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The first few miles were all about warming up and settling into a pace. Since the only clothes drop was at mile 2, I had to decide fairly quickly whether or not I was going to shed any layers. Just in case, I went ahead and moved my race belt down one layer, underneath my jacket. Turns out, I decided to go ahead and just keep the jacket for the time being and if I got too hot, I would just tie it around my waist. It’s not like I’m so fast that it was going to slow me down. 
There were rolling hills, which actually felt pretty easy. One mental trick I used from the very beginning was to not even look ahead at the hill when I knew it was coming. Since the course was so rural and the road stretched out as far as the eye could see, it would’ve been easy to see the hill looming in the distance and let it play mind games with me.
The light rain (more like a mist) was mostly during this portion of the race. I also kept my neck warmer pulled up over my mouth and cheeks, which helped create some steam and therefore helped me warm up faster.
Even though I started with the 2:10 pace group, during this first portion of the race my main focus was to stay in front of them but still behind the 2:00 pace group. This strategy worked well for me the entire race.
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The Middle (Mile 5 to Mile 8)
Out of the entire race, I felt like miles 5 and 6 were the hardest for me. There weren’t any significant reasons as to why, other than just really feeling tired. But then I started feeling pretty good, once I got a second wind around mile 7. This was also around the time where I guzzled the agave nectar which probably explains why I got that second wind.
At this point, it was more overcast and cold than anything. I still had my outer jacket tied around my waist at this point and didn’t feel ready to put it back on yet. The longest hill was right before mile 8 and went on for probably a good 3/4 mile. It was more of a gradual ascent which wasn’t nearly as bad as the steepest hill that was yet to come.

Up until this point, I felt like the miles were going by really quickly. I kept hearing the GPS through my ear buds at each mile, but it wasn’t corresponding with the mile markers on the course so after a while, I just disregarded it and the split times as well. I think my split times were probably a tad slower than what the GPS was saying but I will never know for sure.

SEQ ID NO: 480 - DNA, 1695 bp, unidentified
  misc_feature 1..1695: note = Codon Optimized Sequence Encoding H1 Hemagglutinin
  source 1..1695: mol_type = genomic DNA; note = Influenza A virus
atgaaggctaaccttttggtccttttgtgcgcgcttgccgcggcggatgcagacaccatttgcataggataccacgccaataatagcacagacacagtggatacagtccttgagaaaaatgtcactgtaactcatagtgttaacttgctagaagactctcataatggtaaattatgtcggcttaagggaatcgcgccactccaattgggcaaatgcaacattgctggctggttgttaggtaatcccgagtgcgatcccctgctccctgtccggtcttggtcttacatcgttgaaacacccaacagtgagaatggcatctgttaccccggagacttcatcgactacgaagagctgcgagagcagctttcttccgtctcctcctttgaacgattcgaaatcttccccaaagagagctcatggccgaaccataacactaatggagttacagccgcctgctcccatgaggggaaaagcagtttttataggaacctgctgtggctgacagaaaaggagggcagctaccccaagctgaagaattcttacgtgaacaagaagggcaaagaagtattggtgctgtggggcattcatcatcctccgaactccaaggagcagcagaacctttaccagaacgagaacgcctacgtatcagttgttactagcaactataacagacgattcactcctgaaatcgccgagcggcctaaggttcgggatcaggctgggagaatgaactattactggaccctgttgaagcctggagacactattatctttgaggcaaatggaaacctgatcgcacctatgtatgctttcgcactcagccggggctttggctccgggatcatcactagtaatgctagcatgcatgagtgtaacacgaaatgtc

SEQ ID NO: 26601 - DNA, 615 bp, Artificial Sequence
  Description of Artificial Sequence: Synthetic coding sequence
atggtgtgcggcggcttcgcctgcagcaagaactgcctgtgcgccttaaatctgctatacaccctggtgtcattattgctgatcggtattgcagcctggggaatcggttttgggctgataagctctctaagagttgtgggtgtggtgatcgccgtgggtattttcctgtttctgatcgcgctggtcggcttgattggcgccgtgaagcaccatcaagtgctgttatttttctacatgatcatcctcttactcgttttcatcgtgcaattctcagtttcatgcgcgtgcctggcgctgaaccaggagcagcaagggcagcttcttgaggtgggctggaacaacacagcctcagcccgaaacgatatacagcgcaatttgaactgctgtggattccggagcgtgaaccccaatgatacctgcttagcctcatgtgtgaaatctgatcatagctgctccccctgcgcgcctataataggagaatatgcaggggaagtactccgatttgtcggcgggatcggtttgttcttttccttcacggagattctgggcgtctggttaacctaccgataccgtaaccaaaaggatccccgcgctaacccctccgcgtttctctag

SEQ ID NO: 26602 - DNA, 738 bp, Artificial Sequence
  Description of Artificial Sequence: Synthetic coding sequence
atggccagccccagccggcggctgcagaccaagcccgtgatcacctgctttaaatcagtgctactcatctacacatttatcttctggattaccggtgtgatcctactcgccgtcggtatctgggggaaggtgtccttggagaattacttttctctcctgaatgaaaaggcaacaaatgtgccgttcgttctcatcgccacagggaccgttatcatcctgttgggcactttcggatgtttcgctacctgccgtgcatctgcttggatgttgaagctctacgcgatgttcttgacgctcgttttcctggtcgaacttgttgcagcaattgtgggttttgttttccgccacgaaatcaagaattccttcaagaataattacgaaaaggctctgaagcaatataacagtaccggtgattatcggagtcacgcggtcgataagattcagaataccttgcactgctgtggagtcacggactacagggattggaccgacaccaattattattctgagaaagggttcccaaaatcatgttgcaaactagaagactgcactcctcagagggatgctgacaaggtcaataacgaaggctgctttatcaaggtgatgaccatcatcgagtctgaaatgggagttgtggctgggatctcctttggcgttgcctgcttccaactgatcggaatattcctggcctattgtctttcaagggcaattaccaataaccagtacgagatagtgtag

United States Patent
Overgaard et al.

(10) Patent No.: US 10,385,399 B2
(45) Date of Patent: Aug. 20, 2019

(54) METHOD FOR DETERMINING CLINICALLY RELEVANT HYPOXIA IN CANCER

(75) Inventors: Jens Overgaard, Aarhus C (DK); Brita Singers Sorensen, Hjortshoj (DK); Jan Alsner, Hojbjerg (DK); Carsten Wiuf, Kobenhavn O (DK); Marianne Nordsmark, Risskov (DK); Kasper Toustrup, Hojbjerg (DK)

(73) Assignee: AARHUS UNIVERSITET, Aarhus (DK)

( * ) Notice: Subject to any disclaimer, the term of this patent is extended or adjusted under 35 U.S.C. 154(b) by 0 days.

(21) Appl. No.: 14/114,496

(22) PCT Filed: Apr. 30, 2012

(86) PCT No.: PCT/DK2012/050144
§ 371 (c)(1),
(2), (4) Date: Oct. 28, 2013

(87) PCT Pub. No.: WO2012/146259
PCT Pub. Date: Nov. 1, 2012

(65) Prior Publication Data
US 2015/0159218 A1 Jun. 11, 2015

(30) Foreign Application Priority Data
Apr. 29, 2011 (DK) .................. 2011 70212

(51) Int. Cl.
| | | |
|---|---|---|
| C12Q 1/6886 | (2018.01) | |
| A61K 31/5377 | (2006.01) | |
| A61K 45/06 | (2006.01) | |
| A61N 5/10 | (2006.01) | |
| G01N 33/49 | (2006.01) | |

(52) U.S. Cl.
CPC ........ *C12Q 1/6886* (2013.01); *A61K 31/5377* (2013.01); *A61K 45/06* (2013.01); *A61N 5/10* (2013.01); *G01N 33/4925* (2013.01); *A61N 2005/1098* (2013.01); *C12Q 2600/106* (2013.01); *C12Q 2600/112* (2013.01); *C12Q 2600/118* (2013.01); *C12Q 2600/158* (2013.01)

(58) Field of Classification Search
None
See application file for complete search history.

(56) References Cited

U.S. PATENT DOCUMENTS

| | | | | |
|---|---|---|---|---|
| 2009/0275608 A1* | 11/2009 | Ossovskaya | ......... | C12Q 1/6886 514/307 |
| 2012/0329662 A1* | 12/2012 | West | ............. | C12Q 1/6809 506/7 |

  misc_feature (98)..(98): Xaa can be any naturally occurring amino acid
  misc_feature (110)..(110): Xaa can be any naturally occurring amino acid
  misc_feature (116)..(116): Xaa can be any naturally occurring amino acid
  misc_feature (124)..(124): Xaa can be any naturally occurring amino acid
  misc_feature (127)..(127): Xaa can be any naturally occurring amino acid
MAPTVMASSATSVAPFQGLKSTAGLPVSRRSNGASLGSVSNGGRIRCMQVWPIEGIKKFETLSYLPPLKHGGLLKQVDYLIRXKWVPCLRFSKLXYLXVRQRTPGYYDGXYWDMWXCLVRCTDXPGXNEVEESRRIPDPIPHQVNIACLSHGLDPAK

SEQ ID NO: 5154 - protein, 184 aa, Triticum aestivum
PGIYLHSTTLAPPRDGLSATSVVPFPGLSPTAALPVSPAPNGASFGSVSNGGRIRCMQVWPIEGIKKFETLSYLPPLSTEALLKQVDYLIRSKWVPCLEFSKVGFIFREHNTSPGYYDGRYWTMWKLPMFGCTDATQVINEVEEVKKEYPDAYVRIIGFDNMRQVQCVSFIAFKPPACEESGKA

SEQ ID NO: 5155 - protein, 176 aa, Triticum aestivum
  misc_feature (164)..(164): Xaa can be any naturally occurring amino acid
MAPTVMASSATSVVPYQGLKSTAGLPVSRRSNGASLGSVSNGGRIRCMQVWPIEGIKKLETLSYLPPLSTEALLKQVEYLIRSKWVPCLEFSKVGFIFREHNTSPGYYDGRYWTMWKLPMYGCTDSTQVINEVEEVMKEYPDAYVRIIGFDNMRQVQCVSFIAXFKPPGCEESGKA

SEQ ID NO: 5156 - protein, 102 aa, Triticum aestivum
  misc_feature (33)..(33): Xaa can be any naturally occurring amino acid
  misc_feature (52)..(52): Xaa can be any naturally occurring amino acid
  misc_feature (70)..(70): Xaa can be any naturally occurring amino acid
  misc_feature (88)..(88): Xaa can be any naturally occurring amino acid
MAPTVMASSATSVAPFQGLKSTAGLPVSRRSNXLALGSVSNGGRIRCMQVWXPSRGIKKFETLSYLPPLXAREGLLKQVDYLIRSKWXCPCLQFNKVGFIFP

The End (Mile 9 to Mile 13.1)
Once I reached the 10 mile mark, there were two things I thought about. One was the large looming hill in front of me and two was the fact that once I ran through this mile, it would be the furthest I had ever run in my training. The thought of the hill I made quickly go away, since I knew that would only end in me wanting to stop and walk. As far as the distance, I thought about how at this point I only had a 5K left to run which made it seem a lot less daunting.

Around mile 11, there was some headwind starting to pick up so I started getting a bit chilly. Thankfully, I had the jacket tied around my waist so that came in handy. This was also when I finally started feeling the outside of my left foot start hurting. It wasn’t too bad especially once I made sure to focus on spreading my toes every time I landed and exaggerating the heel-toe motion.

Somewhere between mile 11 and 12 is where I finally started letting my mind think about the finish line. This was also around the time where I started thinking that I should have run faster over the course of the race. When I crossed the finish line, I actually broke out into a smile and felt an overwhelming sense of accomplishment. I’ll admit, I got a bit teary when I realized that I just ran 13.1 miles without stopping. The feeling was surreal and as much as I was glad it was over, I also felt like I could have kept on running.

Numbers
Unfortunately, I didn’t have the foresight to use my stopwatch for mile splits so all I have are the official chip times. Fortunately, I beat my goal of 2:20 and didn’t have to walk any part of the race. I’m not sure about the negative splits but I felt like I at least maintained a fairly consistent pace the entire time.

Overall              537/917
Female              204/462
Age Group       39/59

10K                1:00:56           
Finish             2:08:16           
Avg Pace         9:47 min/mi

Overall Random Thoughts
I felt prepared and strong. I was confident in my ability to run the distance, even never having run it before. I didn’t let the hills mentally get to me, which helped tremendously. I also listened to music the entire time, and even sang out loud at times was made it fun. I took time to look around me at the scenery, taking in the corn fields and seeing the ice on the edge of the lake. I felt like I probably could have run faster, and yet at the same time wasn’t sure just how much faster I should have run. Knowing from past experience about my foot hurting after a lot of miles, I should have taped it up before the race. Next time, I won’t use my GPS – it’s too unreliable for knowing my mile split times. I’ll just go old school and use the lap settings on my basic stopwatch at each mile marker. I will definitely do this again. Running this distance used to intimidate me but now I know better. It was cold but I didn’t feel cold. I can see myself running double this distance so that’s encouraging for when I want to tackle that goal.

It’s official…I am a half-marathoner and couldn’t be more proud. Now where’s my 13.1 sticker?!*
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*It wasn’t provided in my race pack, so how will I ever prove that I ran a half marathon?!